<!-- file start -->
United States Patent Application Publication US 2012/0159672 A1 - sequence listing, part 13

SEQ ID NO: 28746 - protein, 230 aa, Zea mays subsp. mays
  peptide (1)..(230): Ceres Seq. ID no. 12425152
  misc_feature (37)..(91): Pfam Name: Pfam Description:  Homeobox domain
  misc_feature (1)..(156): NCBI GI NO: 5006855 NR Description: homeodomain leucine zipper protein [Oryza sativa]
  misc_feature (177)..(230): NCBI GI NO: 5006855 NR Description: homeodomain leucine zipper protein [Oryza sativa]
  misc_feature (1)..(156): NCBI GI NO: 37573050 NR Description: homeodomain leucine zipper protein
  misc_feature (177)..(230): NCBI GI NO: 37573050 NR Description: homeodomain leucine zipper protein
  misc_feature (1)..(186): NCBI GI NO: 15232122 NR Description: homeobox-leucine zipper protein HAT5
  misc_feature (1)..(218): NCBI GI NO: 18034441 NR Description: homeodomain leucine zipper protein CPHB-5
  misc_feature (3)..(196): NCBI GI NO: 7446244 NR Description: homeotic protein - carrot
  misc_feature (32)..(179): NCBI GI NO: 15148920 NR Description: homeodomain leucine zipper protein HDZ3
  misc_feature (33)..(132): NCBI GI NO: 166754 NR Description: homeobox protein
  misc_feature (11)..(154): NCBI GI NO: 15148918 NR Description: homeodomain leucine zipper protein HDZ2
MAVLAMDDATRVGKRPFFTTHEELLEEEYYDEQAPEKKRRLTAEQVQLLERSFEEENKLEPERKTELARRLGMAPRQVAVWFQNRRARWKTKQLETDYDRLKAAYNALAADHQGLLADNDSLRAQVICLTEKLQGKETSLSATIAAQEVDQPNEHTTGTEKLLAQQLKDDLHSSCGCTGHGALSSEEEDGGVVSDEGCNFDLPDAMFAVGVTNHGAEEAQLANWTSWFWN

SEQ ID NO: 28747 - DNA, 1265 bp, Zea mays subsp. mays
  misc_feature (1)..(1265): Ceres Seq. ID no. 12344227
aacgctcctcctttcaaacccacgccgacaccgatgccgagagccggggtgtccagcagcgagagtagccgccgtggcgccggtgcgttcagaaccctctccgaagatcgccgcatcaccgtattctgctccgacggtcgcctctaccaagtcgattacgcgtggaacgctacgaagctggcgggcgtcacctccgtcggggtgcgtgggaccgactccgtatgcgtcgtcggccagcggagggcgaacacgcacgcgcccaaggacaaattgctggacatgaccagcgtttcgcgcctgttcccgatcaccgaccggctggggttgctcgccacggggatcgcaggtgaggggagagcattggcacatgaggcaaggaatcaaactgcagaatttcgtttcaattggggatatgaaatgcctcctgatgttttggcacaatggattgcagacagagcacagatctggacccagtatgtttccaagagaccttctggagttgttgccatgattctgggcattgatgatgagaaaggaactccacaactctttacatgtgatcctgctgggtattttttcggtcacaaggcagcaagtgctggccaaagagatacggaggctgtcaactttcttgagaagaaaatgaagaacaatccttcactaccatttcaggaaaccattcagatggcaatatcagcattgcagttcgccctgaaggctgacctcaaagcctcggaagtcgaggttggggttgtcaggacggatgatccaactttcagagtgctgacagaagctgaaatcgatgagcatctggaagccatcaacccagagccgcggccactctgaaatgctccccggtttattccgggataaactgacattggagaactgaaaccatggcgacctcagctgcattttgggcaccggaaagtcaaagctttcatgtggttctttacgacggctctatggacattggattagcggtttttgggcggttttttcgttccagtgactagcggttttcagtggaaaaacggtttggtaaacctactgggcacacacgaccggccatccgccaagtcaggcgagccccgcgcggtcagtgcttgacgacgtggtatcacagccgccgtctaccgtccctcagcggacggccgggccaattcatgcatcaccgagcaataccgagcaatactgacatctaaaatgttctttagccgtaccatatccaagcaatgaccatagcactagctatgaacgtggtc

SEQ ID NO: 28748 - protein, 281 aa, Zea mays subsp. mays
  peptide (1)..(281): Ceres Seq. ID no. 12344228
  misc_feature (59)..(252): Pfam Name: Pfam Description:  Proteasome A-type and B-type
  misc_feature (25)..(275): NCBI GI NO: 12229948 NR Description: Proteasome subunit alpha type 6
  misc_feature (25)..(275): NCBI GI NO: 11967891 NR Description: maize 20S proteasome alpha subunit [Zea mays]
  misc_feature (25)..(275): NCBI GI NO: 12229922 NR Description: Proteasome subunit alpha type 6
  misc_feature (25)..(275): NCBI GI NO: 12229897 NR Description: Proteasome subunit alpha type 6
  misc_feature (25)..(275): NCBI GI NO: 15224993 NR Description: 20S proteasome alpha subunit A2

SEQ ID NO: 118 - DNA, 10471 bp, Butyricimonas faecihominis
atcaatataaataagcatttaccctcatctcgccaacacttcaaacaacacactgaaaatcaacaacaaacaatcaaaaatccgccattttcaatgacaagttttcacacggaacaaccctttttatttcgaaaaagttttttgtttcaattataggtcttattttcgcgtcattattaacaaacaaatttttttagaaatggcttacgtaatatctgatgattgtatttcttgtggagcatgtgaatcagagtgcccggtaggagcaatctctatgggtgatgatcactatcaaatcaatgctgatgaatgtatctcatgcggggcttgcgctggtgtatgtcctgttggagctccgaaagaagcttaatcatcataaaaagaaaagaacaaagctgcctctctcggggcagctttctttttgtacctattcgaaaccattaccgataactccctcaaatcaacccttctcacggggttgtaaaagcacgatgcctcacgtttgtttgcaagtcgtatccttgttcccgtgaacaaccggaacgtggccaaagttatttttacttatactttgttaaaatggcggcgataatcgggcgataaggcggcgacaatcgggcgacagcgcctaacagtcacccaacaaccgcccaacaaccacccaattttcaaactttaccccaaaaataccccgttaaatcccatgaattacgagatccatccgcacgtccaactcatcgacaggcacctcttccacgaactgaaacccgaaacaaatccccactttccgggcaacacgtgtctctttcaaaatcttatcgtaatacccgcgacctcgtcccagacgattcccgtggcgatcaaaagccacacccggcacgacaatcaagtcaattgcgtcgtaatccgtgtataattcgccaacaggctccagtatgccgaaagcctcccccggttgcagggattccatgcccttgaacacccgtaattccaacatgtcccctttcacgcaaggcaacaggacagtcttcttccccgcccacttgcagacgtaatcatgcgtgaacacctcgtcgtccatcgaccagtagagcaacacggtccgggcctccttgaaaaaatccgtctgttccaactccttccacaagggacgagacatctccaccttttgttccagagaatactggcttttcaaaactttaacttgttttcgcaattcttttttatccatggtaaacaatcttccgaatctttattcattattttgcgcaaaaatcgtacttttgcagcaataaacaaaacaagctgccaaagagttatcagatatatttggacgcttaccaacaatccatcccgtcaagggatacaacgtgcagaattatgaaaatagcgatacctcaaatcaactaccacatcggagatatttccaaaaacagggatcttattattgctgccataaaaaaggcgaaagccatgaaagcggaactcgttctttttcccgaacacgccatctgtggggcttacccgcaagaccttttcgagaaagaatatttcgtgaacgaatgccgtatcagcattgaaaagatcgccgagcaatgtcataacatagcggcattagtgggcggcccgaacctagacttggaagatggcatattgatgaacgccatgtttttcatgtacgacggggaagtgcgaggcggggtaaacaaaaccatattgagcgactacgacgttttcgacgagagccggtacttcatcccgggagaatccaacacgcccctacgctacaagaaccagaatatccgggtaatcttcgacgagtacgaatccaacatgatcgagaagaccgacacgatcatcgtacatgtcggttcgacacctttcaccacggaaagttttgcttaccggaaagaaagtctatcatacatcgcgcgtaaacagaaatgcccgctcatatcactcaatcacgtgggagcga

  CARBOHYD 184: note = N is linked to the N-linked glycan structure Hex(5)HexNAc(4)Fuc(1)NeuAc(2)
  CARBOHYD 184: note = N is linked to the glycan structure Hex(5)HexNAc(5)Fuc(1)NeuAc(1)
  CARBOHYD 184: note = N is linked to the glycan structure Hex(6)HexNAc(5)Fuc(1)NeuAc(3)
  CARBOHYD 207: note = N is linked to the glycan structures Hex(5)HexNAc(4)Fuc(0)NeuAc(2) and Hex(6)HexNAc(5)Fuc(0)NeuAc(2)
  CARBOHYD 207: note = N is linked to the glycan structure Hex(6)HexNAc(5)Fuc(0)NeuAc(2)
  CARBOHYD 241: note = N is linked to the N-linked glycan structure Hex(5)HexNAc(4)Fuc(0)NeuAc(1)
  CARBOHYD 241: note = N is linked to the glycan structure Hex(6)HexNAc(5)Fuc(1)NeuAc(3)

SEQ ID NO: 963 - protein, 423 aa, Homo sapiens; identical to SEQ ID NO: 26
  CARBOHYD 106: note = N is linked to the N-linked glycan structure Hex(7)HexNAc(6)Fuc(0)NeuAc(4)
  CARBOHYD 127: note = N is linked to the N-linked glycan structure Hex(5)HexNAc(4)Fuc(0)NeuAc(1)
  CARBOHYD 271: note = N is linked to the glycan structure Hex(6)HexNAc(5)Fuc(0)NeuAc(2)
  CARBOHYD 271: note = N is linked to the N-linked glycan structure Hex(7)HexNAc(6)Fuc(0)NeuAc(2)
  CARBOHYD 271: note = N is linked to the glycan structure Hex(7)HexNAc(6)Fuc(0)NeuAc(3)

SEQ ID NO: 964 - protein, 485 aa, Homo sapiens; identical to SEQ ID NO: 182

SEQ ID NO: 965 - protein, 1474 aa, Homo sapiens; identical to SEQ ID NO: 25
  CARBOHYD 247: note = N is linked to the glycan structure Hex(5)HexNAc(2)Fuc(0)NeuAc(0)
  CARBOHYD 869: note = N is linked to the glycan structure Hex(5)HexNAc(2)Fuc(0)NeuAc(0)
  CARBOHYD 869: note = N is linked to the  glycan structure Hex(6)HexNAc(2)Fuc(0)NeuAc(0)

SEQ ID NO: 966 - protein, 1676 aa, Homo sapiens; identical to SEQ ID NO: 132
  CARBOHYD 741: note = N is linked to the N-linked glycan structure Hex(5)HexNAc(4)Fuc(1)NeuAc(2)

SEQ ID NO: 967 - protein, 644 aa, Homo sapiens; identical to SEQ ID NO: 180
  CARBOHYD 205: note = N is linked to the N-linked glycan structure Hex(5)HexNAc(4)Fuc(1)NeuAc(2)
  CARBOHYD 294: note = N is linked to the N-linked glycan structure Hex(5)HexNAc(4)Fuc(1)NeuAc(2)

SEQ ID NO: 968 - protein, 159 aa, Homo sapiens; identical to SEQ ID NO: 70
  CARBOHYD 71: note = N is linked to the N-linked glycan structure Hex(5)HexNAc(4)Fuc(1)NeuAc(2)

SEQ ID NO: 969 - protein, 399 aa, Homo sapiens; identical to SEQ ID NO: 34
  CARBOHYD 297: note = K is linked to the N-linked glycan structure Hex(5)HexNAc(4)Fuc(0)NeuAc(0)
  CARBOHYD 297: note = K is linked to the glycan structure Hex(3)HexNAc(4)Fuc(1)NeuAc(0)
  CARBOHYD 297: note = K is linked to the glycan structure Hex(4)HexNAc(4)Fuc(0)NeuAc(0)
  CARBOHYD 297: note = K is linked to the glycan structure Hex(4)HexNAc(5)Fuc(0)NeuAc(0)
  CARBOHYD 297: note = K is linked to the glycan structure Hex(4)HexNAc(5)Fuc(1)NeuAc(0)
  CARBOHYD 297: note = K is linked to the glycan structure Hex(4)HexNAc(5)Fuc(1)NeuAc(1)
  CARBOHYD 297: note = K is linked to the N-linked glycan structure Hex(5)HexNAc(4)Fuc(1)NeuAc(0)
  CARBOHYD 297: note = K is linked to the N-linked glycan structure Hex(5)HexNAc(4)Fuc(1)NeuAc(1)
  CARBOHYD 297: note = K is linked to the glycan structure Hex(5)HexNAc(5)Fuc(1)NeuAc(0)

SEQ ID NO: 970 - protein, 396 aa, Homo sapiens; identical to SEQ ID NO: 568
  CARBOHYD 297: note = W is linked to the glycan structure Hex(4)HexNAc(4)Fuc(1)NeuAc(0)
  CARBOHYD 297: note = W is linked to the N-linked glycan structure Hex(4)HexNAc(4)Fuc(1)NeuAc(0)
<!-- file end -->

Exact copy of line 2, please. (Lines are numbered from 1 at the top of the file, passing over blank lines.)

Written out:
SEQ ID NO: 28746 - protein, 230 aa, Zea mays subsp. mays